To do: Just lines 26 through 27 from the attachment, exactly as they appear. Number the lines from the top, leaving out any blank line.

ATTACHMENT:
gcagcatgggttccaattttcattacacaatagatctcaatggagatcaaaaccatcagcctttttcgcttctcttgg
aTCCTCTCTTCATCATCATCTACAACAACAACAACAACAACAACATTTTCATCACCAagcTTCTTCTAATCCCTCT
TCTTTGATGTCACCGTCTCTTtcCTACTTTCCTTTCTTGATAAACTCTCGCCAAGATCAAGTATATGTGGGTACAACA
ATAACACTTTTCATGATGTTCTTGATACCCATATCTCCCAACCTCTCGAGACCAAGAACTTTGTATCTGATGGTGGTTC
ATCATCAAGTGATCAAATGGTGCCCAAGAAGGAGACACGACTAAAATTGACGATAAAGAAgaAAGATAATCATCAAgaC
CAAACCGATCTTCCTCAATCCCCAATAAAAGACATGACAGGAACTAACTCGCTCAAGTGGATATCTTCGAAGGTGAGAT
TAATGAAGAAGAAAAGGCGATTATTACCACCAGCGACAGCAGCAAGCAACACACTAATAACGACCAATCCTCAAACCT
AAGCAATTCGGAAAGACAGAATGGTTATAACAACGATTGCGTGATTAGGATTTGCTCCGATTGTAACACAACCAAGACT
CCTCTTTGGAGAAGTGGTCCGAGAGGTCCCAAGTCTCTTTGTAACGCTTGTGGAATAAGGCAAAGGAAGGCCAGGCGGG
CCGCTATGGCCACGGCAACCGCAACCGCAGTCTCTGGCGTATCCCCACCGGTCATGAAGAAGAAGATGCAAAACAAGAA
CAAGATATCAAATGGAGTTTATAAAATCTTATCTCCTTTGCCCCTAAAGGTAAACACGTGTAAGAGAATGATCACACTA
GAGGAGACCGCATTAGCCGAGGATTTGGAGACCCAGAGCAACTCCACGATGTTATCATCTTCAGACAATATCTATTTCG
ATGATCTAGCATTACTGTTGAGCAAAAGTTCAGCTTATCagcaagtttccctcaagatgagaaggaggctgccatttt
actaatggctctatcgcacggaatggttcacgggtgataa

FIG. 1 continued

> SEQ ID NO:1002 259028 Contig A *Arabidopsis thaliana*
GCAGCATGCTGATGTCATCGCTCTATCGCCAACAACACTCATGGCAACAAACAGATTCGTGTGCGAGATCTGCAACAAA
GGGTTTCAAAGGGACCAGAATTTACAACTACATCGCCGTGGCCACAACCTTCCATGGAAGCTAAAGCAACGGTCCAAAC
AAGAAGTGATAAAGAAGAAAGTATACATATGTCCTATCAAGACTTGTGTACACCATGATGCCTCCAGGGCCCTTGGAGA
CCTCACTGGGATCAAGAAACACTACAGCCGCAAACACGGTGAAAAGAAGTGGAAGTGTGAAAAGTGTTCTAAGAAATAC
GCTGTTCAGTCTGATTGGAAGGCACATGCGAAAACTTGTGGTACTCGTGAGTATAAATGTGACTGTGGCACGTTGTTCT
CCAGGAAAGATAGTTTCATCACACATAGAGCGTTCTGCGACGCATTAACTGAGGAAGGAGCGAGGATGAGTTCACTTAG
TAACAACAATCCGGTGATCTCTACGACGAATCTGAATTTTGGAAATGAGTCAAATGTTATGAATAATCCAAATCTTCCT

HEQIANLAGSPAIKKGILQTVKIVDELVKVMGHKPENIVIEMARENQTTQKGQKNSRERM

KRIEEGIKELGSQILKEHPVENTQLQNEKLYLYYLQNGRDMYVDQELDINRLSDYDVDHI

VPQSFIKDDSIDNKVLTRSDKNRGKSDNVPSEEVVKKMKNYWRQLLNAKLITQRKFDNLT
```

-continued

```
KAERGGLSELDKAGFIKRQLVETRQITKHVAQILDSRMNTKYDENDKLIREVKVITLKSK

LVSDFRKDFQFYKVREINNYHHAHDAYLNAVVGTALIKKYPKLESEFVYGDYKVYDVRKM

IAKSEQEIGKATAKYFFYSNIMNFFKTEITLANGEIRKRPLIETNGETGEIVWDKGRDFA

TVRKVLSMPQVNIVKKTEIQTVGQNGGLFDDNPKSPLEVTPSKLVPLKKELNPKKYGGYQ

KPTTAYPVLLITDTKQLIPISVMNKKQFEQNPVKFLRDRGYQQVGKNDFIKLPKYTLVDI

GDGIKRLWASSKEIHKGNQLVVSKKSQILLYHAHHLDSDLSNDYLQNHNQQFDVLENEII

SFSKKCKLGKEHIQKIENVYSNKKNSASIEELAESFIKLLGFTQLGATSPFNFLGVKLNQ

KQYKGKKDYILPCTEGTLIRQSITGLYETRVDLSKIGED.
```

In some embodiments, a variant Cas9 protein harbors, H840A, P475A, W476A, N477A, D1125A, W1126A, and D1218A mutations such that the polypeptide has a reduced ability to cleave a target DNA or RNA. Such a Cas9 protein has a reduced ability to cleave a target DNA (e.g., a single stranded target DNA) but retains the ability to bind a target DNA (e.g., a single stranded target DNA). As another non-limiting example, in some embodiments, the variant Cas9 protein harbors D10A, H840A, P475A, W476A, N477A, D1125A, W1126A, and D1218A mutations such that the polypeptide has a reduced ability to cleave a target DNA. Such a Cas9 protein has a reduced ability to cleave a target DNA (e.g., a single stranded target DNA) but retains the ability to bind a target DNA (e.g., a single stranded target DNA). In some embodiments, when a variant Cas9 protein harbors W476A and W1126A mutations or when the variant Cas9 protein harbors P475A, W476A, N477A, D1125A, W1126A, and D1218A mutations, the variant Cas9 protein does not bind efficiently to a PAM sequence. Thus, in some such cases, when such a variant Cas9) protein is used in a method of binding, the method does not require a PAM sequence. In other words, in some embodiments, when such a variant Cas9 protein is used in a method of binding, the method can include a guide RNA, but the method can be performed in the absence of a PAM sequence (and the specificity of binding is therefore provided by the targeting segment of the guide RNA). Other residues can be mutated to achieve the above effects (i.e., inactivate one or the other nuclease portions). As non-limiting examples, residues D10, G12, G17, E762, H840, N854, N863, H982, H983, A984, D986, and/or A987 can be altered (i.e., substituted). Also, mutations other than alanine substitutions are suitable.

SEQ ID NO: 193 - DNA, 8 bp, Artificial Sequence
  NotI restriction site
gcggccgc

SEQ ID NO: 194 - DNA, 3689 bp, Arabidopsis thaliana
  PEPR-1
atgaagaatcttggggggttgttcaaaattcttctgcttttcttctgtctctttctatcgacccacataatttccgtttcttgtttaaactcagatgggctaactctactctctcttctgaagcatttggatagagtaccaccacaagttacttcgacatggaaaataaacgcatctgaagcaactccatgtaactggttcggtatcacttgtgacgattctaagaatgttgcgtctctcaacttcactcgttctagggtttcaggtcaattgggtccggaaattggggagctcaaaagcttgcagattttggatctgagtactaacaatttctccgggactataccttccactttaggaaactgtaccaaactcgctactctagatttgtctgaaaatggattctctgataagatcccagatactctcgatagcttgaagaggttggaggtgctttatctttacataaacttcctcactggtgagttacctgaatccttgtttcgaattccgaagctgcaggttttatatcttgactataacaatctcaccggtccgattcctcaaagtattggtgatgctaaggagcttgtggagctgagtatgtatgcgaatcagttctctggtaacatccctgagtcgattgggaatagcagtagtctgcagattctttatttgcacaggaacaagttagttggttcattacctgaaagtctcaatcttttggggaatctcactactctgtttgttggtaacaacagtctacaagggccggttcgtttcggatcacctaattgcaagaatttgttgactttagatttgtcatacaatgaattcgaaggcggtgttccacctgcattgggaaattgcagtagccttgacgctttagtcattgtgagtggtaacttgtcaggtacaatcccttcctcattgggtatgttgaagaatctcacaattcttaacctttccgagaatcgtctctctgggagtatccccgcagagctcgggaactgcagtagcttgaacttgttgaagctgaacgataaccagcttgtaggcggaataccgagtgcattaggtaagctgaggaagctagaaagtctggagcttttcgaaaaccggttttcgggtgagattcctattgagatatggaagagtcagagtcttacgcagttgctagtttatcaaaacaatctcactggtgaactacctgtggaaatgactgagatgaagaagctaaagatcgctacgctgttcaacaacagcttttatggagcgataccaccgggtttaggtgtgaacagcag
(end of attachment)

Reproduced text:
VPQSFIKDDSIDNKVLTRSDKNRGKSDNVPSEEVVKKMKNYWRQLLNAKLITQRKFDNLT
```